A play focussed on the relationship between a 12-year-old neurodiverse boy and his mother has won its author the coveted Drama Medal at the Llŷn and Eifionydd National Eisteddfod.

Cai Llewelyn Evansreceived his award on the stage of the Pafiliwn Mawr in a special ceremony.

The Drama Medal is presented for a stage play with no length restriction. The drama thatshows the most promise and has the potential to be developed further by working with a professional company will be rewarded.

The audience in the pavilion heard 26 writers submitted their plays and the adjudicators said Eiliad o Ddewiniaeth (A Moment of Wizardy) by Wasabi (CaiLlewelyn Evans' nom de plume) was the play that feels the most complete and coherent.

Presenting the adjudication Steffan Donnelly said: "It’s sure and confident in its theatrical form with a clear climax and revelation that takes us on a complex and emotional journey. A simple story with a tight focus on the relationship between Ceri, a 12-year-old neurodiverse boy and his mother, Alys.

"The characters are well-rounded, and clearly a lot of thought has gone into building the characters and their relationship with each other. It's great to see a neurodiverse main character – and it’s an extremely sensitive and believable portrayal.

"Ceri and Alys' relationship is beautifully tender and intricate with occasional moments that bring a tear to the eye.

"The play has a clear audience of early teenagers, but there’s something for everyone in it too. The way Ceri comments on everything as a football pundit is a very effective way to reflect feelings and the voice of society. It’s a device that highlights otherisation and the pressure to fit in and examines the lies we tell each other and ourselves.

"Eiliad o Ddewiniaeth is a mischievous play, full of pathos that is most ready for the stage. Congratulations to all the playwrights. After careful consideration and a lot of talking between the three of us... we award the 2023 Drama Medal to Eiliad o Ddewiniaeth by Wasabi."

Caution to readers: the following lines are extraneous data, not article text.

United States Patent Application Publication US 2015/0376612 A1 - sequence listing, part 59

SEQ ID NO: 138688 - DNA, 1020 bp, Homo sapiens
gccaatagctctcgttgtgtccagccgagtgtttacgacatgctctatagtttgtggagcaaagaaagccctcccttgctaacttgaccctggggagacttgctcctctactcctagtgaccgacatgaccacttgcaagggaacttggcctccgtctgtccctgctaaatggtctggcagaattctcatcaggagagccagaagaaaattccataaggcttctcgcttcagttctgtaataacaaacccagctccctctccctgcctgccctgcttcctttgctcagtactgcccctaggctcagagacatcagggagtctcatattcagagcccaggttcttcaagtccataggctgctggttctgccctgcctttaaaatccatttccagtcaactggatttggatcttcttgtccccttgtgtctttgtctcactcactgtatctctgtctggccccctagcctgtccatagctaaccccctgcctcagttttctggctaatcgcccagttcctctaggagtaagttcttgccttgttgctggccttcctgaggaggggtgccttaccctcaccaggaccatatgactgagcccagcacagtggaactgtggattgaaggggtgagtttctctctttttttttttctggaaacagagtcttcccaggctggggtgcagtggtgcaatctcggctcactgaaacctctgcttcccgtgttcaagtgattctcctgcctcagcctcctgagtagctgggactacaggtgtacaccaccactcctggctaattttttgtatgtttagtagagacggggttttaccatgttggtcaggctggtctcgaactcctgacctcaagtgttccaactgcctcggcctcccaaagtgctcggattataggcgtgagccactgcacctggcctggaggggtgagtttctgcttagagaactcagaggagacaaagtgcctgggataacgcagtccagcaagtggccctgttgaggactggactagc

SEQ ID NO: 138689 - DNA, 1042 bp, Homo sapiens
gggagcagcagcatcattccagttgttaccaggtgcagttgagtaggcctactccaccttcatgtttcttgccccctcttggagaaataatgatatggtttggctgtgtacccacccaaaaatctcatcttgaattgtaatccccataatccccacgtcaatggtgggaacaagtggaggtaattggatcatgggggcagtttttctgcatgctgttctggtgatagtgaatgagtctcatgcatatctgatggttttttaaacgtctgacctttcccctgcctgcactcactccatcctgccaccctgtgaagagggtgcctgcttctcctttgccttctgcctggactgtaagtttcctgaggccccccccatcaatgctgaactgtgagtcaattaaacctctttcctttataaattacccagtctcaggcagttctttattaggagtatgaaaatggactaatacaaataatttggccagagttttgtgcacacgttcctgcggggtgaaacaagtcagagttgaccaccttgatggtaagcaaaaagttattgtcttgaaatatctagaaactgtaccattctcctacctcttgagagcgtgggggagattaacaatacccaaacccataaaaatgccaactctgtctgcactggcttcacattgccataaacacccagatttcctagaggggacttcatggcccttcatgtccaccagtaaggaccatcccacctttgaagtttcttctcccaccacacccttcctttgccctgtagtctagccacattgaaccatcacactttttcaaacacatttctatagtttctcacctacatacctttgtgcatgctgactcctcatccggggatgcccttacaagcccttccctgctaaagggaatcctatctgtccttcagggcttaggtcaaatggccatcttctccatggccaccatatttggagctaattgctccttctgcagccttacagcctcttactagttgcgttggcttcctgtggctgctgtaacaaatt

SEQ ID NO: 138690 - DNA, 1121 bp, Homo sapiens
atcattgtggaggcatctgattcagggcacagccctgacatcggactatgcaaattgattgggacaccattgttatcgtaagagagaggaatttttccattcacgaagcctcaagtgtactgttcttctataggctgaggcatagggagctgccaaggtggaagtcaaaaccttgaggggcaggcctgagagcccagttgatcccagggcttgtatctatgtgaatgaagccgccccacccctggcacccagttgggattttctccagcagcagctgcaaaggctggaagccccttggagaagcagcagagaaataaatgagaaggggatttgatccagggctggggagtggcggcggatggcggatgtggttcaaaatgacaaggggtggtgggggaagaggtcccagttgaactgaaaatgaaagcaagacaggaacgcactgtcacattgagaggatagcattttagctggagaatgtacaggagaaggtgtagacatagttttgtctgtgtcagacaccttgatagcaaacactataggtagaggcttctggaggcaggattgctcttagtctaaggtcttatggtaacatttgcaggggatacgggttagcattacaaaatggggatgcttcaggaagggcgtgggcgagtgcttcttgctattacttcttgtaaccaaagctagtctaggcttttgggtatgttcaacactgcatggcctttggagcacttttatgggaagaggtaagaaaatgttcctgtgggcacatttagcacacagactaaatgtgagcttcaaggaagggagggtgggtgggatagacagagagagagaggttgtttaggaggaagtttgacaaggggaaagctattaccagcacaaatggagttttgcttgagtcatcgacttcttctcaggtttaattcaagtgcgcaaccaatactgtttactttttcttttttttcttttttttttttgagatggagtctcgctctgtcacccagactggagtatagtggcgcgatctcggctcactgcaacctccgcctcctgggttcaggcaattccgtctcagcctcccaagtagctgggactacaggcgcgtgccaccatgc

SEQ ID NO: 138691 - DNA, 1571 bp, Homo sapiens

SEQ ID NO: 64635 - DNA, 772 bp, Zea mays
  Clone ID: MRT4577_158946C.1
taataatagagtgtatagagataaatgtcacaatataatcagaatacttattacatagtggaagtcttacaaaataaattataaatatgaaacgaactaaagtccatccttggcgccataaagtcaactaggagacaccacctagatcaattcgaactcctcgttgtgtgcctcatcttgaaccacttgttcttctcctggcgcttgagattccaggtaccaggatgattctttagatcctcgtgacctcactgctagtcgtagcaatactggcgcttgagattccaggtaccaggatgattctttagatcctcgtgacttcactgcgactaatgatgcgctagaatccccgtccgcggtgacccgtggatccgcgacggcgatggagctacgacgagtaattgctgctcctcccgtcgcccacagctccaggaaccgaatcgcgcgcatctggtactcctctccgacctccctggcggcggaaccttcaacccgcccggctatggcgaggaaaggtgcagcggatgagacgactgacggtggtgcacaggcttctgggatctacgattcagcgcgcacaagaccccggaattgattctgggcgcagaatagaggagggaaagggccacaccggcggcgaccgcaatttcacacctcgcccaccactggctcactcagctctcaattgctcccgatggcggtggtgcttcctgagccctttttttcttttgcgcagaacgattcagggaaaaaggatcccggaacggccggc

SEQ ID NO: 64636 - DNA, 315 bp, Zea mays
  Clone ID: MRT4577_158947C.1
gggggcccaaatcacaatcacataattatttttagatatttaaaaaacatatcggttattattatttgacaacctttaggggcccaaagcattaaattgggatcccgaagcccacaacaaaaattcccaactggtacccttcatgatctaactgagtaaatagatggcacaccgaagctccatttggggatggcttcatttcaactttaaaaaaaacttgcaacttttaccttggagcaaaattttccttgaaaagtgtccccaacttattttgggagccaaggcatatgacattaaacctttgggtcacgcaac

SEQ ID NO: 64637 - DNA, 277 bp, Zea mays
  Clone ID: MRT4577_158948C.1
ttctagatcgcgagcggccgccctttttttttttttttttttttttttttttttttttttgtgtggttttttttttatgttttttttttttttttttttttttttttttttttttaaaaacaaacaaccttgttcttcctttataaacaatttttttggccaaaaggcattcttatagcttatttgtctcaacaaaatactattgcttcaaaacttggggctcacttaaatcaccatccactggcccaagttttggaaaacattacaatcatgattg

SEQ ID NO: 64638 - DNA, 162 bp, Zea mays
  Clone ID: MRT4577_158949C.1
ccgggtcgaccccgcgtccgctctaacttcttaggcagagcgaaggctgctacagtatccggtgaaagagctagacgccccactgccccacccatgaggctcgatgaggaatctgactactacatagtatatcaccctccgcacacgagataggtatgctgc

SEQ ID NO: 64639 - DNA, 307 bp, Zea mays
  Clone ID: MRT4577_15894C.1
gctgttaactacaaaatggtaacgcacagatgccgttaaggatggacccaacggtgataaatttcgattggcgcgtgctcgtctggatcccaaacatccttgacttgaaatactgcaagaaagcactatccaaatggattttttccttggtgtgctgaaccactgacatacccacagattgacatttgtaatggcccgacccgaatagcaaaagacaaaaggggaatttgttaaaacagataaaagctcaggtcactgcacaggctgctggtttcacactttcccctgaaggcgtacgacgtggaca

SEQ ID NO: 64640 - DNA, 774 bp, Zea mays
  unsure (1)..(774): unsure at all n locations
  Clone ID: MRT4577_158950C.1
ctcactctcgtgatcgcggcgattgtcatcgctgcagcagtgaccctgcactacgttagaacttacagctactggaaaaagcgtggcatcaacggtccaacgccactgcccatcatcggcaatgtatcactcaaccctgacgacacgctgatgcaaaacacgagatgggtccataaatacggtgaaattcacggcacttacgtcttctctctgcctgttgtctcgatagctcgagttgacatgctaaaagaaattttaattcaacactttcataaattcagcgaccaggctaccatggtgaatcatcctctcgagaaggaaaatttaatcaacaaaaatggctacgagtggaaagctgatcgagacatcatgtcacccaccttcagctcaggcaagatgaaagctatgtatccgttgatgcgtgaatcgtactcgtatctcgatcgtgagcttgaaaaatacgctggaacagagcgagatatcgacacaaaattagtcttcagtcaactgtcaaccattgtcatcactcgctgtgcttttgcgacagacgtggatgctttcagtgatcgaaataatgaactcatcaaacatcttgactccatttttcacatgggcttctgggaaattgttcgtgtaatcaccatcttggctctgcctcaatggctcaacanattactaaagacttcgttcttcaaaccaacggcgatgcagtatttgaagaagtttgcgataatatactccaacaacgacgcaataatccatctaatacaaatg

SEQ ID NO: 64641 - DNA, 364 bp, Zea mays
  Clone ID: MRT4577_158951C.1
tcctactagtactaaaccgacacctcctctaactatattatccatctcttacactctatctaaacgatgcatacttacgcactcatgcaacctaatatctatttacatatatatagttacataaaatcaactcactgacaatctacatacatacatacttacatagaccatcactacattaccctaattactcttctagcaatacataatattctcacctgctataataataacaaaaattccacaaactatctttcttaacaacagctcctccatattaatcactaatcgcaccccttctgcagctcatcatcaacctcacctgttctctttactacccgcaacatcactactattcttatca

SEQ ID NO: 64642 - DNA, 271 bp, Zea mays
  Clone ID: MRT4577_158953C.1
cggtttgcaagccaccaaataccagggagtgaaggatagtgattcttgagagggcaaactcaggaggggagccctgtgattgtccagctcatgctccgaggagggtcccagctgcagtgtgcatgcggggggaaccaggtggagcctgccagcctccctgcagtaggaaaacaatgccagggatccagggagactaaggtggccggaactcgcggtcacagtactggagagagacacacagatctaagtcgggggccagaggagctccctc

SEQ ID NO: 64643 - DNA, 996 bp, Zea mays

He added he and fellow adjudicators, Seiriol Davies and Elgan Rhys, added: "Many of the plays grabbed my imagination and that of my fellow judges presenting complex characters, unexpected situations, and strong dialogue. I must admit that it’s disappointing that quite a few didn’t feel like stage plays in terms of structure, dialogue, live theatrical experience, and even format."

Cai Llewelyn Evans received the Drama Medal, in memory of Eiryth and Urien Wiliam and donated by their children, Hywel, Sioned and Steffan, and £750donated by the Huw Roberts Memorial Fund, Pwllheli.

Part of the winningwork was presented at the ceremony with the support of the JO RobertsMemorial Fund.

The writer wasbrought up in Pontarddulais and currently lives in Cardiff with hispartner, Noriko. He is a member of the Senedd's Translation andRecording Service as a simultaneous translator.

Before that, helived for a decade in Tokyo, where he was a journalist with the JapanTimes newspaper, before moving to work in financial services.

After moving back to Wales be wrote a series of sketches broadcast on BBC Radio Cymru. Subsequently, he wrote two short films which were broadcast on S4C.

He was a member of Theatr Genedlaethol Cymru's New Playwrights Group and is currently collaborating with Cwmni Theatr Bara Caws on a comedy.

The full adjudication for this competition and the all the other composition winners at this year’s Eisteddfod are included in the Cyfansoddiadau a Beirniadaethau which will go on sale at the end of the Chairing Ceremony on Friday afternoon.